Yuyang Guo on the importance of mentorship

Intern program manager Yuyang reflects on her time at Dropbox as an intern, new grad, and intern mentor.

How did you first get into computer science?

I took an intro CS class my first year in college when I was still planning to major in Electrical Engineering & Biomedical Engineering. The CS class was so fun that I spent days solving every bonus problem from the homework (yep, I was that overachiever). After taking and TA-ing more CS classes, the challenging math problems and ability to create something with just my two hands still had a strong appeal and I decided to officially switch majors.

What has pleasantly surprised you the most about your team since joining Dropbox?

My team knows I’m that cheerful person who puts on average 5 smileys in every email. On my birthday, they baked me a giant smiley birthday cake!!!! Also, knowing that I’m extremely obsessed with cute dogs, they hand-drew a birthday card with everyone on the team as a cute dog!!

Share a story of when you or a teammate embodied a Dropbox value.

One of the larger projects I worked on was a foundational sharing project. A few of us who were in charge of the server-side portion of the project finished most of the work a week before our ship date. However, there was still front-end work that needed to be done, and only one person scheduled to do it. Instead of taking a rest and enjoying some downtime, everyone happily volunteered to help finish the front-end work for the project. I am touched by the fact that nobody compares “your work” vs “my work” here. Teams are truly teams. #wenoti

What is a unique challenge you’re working on (or have previously worked on) at Dropbox?

I’d say the most unique challenge here is learning how to operate in a startup mode, and being able to build robust and scalable software for hundreds of millions of people. At Dropbox, various stages of a project often require very different skill sets.

Currently, I’m working on an exploratory project with the goal of helping increase productivity. During this exploratory ‘fit-finding’ phase, you pretty much have to do a little bit of everything, just like in a startup. The day-to-day work not only includes writing code to actually build the product, but also building tools and workflows to support rapid prototyping (for example, automatic hourly release bots), collecting and incorporating alpha tester feedback, making product decisions, and constantly prioritizing to maximize impact. In this phase, you have to figure out what is the best product to build.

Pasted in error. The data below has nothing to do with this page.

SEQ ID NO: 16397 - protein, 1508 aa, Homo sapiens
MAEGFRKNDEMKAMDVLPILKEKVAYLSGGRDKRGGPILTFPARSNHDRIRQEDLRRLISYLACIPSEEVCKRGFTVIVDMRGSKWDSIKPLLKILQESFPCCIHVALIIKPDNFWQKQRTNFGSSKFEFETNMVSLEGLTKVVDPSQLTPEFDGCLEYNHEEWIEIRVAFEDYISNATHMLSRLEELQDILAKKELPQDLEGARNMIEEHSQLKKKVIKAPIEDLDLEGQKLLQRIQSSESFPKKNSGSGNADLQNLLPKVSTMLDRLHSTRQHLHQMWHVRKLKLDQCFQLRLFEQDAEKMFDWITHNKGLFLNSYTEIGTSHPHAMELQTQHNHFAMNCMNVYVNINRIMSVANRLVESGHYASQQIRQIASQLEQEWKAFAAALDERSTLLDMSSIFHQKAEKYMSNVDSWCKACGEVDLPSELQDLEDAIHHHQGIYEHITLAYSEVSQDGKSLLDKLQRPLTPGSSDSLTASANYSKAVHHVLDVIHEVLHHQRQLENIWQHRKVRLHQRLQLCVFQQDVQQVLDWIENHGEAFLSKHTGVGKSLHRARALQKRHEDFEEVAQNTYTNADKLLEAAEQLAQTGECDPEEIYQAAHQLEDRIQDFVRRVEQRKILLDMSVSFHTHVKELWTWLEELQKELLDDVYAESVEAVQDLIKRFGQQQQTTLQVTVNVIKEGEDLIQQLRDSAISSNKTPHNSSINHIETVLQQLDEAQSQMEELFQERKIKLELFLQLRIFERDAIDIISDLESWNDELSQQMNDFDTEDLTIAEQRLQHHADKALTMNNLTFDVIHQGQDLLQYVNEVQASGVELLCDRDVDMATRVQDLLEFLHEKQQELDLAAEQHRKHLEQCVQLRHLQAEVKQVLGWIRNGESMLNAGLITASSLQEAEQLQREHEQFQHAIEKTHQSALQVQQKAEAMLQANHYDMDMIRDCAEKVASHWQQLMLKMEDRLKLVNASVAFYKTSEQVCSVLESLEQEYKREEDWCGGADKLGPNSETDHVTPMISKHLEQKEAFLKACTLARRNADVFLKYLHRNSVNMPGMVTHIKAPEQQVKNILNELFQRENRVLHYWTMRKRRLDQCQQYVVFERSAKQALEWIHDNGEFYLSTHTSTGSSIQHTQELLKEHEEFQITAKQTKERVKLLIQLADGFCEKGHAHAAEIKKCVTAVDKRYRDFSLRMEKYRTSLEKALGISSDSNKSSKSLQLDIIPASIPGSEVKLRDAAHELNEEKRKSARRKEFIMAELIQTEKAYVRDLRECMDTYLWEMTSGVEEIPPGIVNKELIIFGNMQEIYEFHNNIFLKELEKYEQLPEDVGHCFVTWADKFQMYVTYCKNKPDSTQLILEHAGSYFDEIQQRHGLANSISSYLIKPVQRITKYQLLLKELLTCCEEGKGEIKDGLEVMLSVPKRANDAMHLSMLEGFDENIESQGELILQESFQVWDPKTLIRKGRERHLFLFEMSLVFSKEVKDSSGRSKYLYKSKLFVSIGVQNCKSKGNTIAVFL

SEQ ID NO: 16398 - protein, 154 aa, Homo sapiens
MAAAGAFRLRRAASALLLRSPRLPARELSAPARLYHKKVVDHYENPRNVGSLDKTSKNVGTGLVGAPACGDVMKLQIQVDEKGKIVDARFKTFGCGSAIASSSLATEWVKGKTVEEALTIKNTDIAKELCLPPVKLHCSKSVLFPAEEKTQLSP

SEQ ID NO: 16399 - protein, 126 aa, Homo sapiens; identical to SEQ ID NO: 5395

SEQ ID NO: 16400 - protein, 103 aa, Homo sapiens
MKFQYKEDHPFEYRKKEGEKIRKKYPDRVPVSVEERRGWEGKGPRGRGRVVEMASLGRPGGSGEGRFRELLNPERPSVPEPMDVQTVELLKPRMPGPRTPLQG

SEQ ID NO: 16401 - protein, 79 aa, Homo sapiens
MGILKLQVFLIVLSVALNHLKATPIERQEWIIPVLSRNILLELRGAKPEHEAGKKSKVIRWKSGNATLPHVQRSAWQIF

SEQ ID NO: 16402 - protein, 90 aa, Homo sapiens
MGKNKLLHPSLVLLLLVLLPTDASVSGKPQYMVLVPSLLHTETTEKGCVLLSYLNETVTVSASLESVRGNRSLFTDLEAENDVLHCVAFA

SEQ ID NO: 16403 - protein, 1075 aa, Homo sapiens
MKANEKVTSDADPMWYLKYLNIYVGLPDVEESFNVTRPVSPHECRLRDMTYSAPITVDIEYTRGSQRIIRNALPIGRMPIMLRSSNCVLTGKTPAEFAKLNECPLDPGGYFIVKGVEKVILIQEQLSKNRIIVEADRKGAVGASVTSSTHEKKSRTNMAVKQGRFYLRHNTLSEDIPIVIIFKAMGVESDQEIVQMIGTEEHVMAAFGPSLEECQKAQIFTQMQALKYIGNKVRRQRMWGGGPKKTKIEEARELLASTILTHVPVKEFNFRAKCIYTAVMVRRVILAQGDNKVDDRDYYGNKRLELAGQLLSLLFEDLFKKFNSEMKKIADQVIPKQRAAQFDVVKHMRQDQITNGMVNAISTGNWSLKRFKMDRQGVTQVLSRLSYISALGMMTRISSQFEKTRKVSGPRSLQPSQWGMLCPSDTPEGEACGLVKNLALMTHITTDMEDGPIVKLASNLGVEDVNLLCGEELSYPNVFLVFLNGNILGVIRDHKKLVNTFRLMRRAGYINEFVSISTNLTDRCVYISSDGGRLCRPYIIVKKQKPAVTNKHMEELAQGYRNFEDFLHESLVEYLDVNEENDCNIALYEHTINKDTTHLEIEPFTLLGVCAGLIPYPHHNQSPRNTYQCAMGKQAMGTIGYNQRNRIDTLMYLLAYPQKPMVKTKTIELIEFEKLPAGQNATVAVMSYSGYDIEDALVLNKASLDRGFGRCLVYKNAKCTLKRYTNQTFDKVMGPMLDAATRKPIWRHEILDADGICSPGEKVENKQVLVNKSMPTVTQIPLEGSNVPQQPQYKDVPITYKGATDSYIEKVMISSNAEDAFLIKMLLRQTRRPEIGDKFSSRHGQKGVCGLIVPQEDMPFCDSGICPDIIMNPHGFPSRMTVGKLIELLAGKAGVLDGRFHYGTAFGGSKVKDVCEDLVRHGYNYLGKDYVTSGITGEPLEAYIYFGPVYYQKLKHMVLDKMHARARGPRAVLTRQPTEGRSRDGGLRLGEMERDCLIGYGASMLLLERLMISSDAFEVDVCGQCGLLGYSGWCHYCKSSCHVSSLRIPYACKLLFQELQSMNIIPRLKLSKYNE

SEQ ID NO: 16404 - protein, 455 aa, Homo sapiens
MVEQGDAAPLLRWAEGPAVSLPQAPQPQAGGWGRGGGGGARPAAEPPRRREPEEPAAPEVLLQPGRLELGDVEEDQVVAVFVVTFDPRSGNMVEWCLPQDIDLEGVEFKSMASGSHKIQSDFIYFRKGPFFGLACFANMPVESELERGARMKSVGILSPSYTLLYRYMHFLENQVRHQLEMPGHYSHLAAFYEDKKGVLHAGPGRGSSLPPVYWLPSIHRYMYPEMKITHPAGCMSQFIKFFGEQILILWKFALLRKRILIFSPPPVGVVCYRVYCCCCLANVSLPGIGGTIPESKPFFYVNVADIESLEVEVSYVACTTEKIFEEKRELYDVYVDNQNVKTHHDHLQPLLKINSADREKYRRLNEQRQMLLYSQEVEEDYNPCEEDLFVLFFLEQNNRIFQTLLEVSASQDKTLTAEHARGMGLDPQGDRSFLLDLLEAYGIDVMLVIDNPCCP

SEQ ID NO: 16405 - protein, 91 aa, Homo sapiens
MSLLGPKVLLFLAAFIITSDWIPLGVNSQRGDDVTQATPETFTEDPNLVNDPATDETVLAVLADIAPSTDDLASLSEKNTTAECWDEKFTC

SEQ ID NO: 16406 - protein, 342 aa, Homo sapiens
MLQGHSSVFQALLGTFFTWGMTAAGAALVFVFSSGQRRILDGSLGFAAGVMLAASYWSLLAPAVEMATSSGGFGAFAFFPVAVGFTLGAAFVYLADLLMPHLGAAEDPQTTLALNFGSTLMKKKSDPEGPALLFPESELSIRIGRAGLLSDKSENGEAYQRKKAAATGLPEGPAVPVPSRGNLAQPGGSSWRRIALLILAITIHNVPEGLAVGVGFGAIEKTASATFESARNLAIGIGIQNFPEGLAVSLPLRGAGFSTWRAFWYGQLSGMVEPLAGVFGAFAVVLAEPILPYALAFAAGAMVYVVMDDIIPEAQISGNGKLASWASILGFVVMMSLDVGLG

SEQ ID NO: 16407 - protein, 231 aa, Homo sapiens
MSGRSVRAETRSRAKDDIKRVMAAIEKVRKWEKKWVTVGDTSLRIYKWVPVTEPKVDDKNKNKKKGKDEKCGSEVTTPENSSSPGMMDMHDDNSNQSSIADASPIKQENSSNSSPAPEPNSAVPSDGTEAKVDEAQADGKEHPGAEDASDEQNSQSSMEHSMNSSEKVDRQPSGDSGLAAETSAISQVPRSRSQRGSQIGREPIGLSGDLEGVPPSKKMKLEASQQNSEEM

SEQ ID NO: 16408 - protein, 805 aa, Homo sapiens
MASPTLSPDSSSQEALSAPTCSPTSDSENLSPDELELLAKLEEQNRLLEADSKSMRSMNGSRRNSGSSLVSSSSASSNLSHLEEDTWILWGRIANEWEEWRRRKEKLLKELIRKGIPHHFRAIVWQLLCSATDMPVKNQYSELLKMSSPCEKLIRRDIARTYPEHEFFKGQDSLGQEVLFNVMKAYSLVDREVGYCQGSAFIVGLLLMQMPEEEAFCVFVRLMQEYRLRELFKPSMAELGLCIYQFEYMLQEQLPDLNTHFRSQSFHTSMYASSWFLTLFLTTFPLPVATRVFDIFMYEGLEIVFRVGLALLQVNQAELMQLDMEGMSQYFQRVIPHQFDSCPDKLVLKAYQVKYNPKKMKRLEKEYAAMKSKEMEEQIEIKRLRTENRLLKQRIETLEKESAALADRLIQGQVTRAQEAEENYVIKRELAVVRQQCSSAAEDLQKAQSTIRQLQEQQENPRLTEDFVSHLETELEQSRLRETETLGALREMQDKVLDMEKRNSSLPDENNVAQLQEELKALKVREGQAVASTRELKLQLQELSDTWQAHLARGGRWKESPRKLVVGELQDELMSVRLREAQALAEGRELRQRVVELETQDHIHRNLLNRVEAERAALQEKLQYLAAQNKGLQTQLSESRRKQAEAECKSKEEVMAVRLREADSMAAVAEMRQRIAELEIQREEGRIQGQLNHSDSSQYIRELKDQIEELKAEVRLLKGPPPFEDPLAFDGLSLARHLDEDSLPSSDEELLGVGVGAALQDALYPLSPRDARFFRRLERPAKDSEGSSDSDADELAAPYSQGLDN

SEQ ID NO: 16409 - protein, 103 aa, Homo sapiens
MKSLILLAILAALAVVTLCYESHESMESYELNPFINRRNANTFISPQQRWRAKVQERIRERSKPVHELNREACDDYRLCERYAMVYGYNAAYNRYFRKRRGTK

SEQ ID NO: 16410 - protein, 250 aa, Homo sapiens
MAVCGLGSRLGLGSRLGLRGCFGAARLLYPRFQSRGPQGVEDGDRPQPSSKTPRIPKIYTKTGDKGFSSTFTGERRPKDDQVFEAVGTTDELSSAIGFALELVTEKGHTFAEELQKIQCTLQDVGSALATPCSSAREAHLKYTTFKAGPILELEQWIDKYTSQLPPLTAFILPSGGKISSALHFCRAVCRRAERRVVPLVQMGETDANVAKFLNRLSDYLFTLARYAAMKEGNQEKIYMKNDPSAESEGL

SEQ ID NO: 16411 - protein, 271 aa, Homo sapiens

When a project comes out of the ‘fit-finding’ phase, you start to build the product that will get used by hundreds of millions of users. That’s when you need to carefully lay out the foundations. You need to make sure it not only works in the normal case, but also scales well with heavy usage, with large teams of more than 10k people, with accounts of more than 100k files, etc. In this phase, you get to design, build, secure and monitor real robust systems.

You could always opt to join projects at a certain phase based on your preference, and in fact lots of people do. But I really enjoy being able to get a taste of everything and developing different skill sets along the way.

Through your various roles at Dropbox as an intern, software engineer, mentor and intern program manager, what is the biggest impact you have had in your work here?

Yuyang and her intern mentor, Jessica

Mentorship! Mentorship is a key part of Dropbox culture and I have been blessed to have many unofficial mentors throughout my time here as an intern and full-timer. They are not only role models and advisors, but also people who go out of their way to help you find opportunities, encourage you to jump out of your comfort zone, and vouch for you. Without them, I would not be where I am today.

With this in mind, the biggest impact I’ve had was as a mentor for other Dropboxers. I mentored two new hires and one intern, organized tech talks, and gave talks on how to succeed as a Dropbox intern / new grad. This year, I’m so excited to be one of the Intern Program Managers. We are working very hard on intern matching, mentor training, onboarding, social events, and tech talks aimed to make our Dropbox interns happy and successful at all times :D As a mentor, you have the incredible ability to make an impact by helping everyone you work with be 10% happier, 10% more efficient, and 10% faster.

What are you most excited about for this upcoming summer?

This year, I am particularly excited about the Dropbox Launch program that we started. This is a very meaningful program that gives everyone a chance to kick start their career in the tech industry. In my freshman year, I got rejected by many companies for lack of “prior experience,” so I understand how hard it is to start your career (especially when you just started coding in college). I’m looking forward to the first Launch class joining us this summer for their first technical internship.


Interested in a university position at Dropbox? Apply online here.

Software Engineer University Grad (2018)

Software Engineer — Intern (Summer 2018)